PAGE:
Emotional intimacy outside of marriage isn't necessarily harmless. Here are some ideas on how to maintain boundaries that work for both partners.
Q: I’ve been married for 28 years. My wife isn’t a very deep person, and I long for that kind of connection. I meet weekly with a woman friend to talk about spiritual things. There’s no attraction or confusion between us. My wife doesn’t know about her, but it’s harmless. A guy friend thinks I shouldn’t have this kind of friendship. I don’t see why not, as long as we’re not having an affair. When I got married I didn’t give up my right to have friends. What do you think?
I think in the eyes of most women, and in the eyes of your wife were she to know about it, you’re having an affair. The fact that your wife does not know about your spiritually-conversant friend is a red flag. Even if there has been no sexual involvement, many women are more hurt by an extramarital relationship that has the kind of depth and substance you’re describing than a purely sexual relationship.
Your statement about not giving up your right to friendship when you married deserves more reflection. This, of course, was the question addressed in When Harry Met Sally. The culture has changed quite a bit since 1989 when that movie came out. Cell phones make it easy to communicate with anyone anytime anywhere. Many patients have told me that while they were sitting naively across the living room their spouse texted a person they did not know hundreds or thousands of times over several months.
When my patients present the kind of situation you’re describing, I usually talk about a familiar line from a traditional marriage ceremony: “Do you promise to love her, comfort her, honor and keep her for better or worse, for richer or poorer, in sickness and health, and forsaking all others, be faithful only to her, for as long as you both shall live?” I tell my patients that for me, forsaking all others includes avoiding close, intimate relationships with anyone who might threaten the sacred bond I have with my spouse. There is no small amount of letting go and grief in this. I often encourage men to be open to deepening their friendships with other men. Many say it is challenging to find male friends who want to talk openly about life. Some use this to justify developing such friendships with women outside of marriage.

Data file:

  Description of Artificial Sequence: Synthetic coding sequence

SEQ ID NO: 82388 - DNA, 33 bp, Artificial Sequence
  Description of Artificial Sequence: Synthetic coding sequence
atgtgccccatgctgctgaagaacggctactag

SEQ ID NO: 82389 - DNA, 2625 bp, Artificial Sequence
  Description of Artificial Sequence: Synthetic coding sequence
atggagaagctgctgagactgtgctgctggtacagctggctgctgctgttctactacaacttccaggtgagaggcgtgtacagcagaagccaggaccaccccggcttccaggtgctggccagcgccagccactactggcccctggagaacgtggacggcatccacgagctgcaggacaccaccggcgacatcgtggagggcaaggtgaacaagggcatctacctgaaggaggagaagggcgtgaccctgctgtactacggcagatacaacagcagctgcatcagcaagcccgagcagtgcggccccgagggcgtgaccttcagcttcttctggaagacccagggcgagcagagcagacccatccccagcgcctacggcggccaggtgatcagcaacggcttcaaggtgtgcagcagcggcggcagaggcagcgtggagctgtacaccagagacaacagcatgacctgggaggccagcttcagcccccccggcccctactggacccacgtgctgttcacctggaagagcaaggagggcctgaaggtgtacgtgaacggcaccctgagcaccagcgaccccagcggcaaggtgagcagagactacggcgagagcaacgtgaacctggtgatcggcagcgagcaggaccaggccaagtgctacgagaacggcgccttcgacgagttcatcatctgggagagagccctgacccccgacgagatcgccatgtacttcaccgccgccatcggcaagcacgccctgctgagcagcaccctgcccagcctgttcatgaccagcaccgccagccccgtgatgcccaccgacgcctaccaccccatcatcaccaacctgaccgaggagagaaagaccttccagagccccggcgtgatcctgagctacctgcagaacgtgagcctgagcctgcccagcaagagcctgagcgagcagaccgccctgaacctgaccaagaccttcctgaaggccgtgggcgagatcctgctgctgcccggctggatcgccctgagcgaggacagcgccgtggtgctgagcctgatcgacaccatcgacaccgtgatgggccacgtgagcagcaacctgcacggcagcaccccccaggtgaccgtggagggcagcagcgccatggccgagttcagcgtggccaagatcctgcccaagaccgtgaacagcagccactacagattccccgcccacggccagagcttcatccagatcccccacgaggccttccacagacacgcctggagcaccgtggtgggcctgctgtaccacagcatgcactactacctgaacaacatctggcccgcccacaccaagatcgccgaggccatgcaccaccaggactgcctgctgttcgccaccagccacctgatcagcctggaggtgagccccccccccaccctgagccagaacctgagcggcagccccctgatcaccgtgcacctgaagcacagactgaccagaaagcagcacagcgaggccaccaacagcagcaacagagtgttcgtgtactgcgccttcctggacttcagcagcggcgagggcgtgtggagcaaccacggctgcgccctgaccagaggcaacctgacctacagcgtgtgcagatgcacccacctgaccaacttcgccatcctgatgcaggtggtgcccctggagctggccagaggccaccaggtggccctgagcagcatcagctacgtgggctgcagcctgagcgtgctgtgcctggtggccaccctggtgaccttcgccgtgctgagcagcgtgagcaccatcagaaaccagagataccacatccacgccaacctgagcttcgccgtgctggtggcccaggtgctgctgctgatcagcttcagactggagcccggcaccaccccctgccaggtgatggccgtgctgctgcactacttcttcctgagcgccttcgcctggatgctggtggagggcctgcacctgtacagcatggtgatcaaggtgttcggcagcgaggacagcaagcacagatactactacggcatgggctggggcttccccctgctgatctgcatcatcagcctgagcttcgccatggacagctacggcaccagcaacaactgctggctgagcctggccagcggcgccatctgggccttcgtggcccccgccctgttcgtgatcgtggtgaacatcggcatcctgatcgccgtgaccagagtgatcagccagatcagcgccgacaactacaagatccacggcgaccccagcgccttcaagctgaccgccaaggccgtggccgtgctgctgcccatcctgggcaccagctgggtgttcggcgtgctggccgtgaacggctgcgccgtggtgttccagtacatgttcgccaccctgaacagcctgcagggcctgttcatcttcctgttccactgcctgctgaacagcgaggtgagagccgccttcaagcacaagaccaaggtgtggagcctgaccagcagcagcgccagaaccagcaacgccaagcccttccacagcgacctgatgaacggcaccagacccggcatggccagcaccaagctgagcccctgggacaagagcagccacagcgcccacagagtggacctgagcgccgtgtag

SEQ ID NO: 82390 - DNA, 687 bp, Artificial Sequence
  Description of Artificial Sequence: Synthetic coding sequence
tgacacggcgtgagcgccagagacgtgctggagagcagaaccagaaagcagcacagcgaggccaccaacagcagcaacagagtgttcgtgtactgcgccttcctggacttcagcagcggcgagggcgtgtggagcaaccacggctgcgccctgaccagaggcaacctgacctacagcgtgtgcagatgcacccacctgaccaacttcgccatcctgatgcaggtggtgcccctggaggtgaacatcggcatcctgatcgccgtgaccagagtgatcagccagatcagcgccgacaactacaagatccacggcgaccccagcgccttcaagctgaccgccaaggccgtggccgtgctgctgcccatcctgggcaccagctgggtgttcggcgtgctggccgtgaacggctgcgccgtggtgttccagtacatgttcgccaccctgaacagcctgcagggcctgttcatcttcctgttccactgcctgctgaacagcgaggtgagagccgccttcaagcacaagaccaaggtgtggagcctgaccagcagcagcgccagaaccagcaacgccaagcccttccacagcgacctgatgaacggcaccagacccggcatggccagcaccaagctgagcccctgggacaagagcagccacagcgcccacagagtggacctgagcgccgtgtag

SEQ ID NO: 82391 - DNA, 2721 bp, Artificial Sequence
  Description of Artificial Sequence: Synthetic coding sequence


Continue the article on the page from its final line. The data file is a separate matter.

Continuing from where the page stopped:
Outside friendships are tricky even for people in healthy committed relationships. Here are a few guidelines to consider:
- Your spouse should be fully aware of who the outside friend is and the nature of the friendship.
- The amount of time you spend on an outside friendship will affect how it is perceived by a spouse. Anything or anyone that takes too much energy away from a committed relationship may be perceived as threatening.
- If the friendship is with a trusted member of one’s own family (such as a sibling, a cousin, an aunt, or uncle) there is usually no sense of threat to the marriage unless a family member becomes trusted on important decisions more than the spouse.
- A solid way to gauge the healthiness of an outside friendship is: Do both spouses feel the friendship makes the marriage better, or does one spouse feel the friendship is a threat?
- Sometimes a large age difference can eliminate the perceived threat of a friendship. A committed person, however, should not assume an age difference will remove the perceived threat. Open communication is always essential.
- Be on guard when making yourself available to someone who wants a listening ear for troubles in their committed relationship. Open and vulnerable sharing in such situations can easily spark a desire for greater intimacy. Thinking you’re helping someone else in trouble can easily land your own life in a troubled place.
If your wife eventually does find out about your friend, the fact that you kept the person secret will feel like a betrayal to her. Long-term commitment requires accepting both the joys and limitations of love. Contemporary writer Thomas Moore put it this way: “Love finds its soul in its feelings of incompleteness, impossibility, and imperfection.”
You may be able to keep this relationship secret indefinitely, but secrets place any marriage at risk. I suggest you see a marriage counselor as a couple to discuss both deepening your marriage relationship and openly exploring the question of friendships outside the marriage.
Read more The Soul of Therapy.
Send your questions to [email protected] Questions may be edited for clarity or length. Dr. Anderson cannot respond to all letters. Sending a letter, whether answered in this column or not, does not create a doctor-patient relationship. Information in this column is for general psychoeducational purposes and is not a substitute for assessment and care provided in person by a medical or mental health professional.